(Meanwhile, Forbes reports today that journalism is still a popular college major, despite diminished job prospects. Maybe those grads hope to find a new way to be the Fourth Estate online, if not on paper. It has some faculty feeling existential.)
Nichols and McChesney have a book coming out in the fall, titled Saving Journalism: The Soul of Democracy, but they give away good chunks of their argument in The Nation article.
While enthusiastic about ProPublica, Talking Points Memo, the Huffington Post and regional online journalism projects with non-profit funding, they call those "mere triage strategies."
Instead, they argue that newspapers' corporate owners carry much of the blame for the demise of professional journalism, and call for fourth-estate funding by the other three estates:
"Only government can implement policies and subsidies to provide an institutional framework for quality journalism... Fortunately, the rude calculus that says government intervention equals government control is inaccurate and does not reflect our past or present, or what enlightened policies and subsidies could entail."
Among those subsidies would be funds for community and public broadcasting and for high school and college papers, along with free postage for publications that limit their ad revenue to 20 percent of the budget. Such journals (hmm, like The Nation?), they note, often do "investigative, cutting-edge, politically provocative journalism."
I'm going to read more of that article later... maybe even buy their book and revive my Nation subscription. But I won't hold my breath about the chance of getting that batch of subsidies through Congress in any big hurry.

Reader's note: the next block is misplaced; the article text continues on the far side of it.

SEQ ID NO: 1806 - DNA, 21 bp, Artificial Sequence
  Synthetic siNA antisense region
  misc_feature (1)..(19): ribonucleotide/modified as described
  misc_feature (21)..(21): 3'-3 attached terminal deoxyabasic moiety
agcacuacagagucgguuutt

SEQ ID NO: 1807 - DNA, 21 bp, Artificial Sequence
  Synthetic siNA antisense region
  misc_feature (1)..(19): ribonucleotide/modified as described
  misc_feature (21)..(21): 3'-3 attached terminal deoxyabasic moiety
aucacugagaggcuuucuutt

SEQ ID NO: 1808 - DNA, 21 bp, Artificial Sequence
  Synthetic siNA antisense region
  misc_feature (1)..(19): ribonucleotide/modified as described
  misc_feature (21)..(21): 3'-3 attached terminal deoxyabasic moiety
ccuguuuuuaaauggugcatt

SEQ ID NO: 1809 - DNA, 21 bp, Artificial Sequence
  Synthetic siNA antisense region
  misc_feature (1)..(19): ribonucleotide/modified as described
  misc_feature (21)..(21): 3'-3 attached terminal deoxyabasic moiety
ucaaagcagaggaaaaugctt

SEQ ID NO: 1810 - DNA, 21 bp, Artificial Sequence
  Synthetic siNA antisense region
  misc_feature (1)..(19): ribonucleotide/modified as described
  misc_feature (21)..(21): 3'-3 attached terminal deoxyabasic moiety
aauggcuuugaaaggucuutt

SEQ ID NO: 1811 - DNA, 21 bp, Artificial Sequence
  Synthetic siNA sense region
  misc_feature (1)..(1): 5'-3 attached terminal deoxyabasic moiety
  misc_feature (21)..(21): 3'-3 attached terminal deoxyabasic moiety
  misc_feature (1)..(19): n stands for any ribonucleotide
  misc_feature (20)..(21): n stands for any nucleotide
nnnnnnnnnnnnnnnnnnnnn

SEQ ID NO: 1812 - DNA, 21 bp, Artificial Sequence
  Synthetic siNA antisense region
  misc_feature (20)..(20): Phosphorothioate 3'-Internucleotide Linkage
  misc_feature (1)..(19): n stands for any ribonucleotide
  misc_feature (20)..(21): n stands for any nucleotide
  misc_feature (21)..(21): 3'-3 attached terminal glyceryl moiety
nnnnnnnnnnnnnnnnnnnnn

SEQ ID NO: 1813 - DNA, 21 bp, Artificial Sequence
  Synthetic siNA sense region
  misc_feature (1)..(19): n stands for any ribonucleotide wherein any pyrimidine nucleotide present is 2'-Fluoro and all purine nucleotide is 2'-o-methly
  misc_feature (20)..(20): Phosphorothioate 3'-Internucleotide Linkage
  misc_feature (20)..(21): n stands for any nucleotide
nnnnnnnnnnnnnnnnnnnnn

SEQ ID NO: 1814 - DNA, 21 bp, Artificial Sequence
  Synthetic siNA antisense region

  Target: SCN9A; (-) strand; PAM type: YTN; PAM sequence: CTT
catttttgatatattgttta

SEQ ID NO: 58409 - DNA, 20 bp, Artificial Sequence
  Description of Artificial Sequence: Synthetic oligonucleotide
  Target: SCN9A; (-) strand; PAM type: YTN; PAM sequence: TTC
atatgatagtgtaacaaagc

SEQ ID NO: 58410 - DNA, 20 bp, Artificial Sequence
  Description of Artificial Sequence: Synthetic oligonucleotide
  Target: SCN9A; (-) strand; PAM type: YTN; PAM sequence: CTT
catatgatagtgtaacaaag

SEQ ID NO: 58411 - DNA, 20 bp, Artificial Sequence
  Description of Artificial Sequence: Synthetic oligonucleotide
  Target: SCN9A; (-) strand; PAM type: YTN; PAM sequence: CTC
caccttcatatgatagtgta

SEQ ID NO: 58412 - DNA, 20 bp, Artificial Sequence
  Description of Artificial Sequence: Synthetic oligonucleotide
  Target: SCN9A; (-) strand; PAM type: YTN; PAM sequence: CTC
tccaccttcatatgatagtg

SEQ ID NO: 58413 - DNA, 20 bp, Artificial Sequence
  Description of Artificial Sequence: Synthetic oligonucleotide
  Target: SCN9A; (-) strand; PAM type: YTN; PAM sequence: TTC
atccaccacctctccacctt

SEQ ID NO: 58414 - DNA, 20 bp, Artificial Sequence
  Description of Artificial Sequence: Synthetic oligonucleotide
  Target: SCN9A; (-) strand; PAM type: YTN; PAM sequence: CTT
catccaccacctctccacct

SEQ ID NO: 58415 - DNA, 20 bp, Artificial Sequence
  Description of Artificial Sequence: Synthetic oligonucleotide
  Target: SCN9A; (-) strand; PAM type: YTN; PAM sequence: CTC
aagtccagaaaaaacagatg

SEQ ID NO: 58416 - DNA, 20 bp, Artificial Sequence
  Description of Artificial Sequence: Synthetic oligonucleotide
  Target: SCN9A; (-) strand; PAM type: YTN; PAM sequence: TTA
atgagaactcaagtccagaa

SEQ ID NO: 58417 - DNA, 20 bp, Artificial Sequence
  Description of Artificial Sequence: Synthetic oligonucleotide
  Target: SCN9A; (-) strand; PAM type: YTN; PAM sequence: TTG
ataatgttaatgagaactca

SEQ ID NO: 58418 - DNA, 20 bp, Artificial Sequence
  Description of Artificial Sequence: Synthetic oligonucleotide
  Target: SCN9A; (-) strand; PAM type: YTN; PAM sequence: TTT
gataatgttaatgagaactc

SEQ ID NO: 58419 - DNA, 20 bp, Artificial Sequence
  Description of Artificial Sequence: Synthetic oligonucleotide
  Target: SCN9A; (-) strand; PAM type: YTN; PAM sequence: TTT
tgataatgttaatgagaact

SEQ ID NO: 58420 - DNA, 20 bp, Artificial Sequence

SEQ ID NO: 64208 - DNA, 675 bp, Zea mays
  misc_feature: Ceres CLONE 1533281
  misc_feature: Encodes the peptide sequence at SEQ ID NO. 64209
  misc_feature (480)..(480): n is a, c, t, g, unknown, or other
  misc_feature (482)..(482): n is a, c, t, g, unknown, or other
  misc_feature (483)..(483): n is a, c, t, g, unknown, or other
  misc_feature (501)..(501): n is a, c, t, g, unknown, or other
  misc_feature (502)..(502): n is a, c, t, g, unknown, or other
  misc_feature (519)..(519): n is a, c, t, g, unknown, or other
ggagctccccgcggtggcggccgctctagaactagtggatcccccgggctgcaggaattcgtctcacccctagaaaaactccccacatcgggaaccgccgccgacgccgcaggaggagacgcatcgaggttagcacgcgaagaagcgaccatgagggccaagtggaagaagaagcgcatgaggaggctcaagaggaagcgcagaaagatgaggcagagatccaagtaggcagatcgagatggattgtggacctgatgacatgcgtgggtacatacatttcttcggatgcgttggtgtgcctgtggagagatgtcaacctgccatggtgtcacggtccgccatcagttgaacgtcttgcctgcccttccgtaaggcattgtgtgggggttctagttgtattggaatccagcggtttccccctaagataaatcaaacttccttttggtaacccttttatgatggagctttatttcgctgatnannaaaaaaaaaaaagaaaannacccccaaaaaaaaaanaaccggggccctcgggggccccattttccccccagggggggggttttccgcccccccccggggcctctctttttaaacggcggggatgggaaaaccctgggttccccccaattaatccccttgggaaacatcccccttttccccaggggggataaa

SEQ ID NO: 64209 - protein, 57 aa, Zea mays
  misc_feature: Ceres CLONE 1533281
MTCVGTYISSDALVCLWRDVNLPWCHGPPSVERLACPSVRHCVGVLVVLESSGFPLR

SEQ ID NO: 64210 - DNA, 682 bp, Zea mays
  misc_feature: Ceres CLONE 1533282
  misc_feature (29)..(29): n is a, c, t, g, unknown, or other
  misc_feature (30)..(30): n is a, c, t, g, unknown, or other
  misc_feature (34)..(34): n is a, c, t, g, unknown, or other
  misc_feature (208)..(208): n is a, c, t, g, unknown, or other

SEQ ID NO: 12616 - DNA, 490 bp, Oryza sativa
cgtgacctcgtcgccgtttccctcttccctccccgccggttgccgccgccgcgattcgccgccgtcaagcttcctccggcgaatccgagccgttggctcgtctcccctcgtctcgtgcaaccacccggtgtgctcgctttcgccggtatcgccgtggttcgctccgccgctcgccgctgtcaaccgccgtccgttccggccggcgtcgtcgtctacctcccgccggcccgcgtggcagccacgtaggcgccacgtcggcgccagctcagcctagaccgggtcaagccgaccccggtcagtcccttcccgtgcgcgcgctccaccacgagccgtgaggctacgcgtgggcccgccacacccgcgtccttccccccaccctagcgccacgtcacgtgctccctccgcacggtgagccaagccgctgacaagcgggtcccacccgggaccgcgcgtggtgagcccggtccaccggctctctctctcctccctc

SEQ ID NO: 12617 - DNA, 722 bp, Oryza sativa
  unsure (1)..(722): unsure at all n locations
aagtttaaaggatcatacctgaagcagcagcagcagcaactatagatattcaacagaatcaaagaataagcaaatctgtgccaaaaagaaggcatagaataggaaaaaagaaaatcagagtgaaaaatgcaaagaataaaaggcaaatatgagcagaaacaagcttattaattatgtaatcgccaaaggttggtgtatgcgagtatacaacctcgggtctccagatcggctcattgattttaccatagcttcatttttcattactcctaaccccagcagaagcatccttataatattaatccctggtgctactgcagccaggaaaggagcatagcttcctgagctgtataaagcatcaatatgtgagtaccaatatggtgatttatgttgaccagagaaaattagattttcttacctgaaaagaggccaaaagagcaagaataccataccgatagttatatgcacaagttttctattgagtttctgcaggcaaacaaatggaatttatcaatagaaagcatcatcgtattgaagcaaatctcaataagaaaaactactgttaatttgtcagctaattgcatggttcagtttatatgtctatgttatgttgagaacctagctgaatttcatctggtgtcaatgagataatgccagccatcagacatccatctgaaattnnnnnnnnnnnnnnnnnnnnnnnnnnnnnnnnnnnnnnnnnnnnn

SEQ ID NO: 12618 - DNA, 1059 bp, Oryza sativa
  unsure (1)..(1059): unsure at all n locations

Surviving in RoanokeMeanwhile, back in the cold world of capitalist free-enterprise journalism, here's a business-watcher with a list of 10 Newspapers That Will Survive The Apocalypse
Nicholas Carlson, who covers media and advertising for Silicon Alley Insider, says "his guy" in the newspaper-investment biz has the Roanoke Times on his survivor list.
I guess that's good news for the unwrapped fish of the New River Valley, even if Carlson does use an anonymous source and spell the name of the city "Roanake" at one point:
Our guy likes almost all of Landmark Communications papers in Virginia. They're in isolated, steady markets without a lot of overlap. The Roanoke Times is a 'good product,' a "community type paper.' Roanake is the kind of place where if the car dealers start selling cars again, they'll start taking out ads in the local paper again.
On the story's opening page, Carlson says:
Our guy is convinced that underneath the mess, there are plenty of local newspapers that, after cutting newsroom bloat and R&D costs, would be plenty profitable. He says these local newspapers just need to stop "spending on trying to find their way out" and 'instead run their current good business.'
"What does our source think of newspapers on the Web? Not much. He says local papers should have a Web site run by two people that links to international and national news and keeps all local content behind a pay wall or off the Internet entirely.
Speaking of surviving the apocalypse, Tim Thornton, an award-winning environmental journalist and the first Roanoke Times reporter I've had as a guest speaker in class, just got the ax... a bit mysteriously.
The many words of support in comments on those two NewRiverVoice stories about his departure, and elsewhere, should make Tim feel at least a tiny bit better.
The comments also include links to last fall's item on the paper in the Columbia Journalism Review. It ran with the provocative headline "Something's Rotten in Roanoke." CJR's story had several readers leaping to the paper's defense; so far none of the comments I've read about Thornton's case have taken the newspaper managers' side.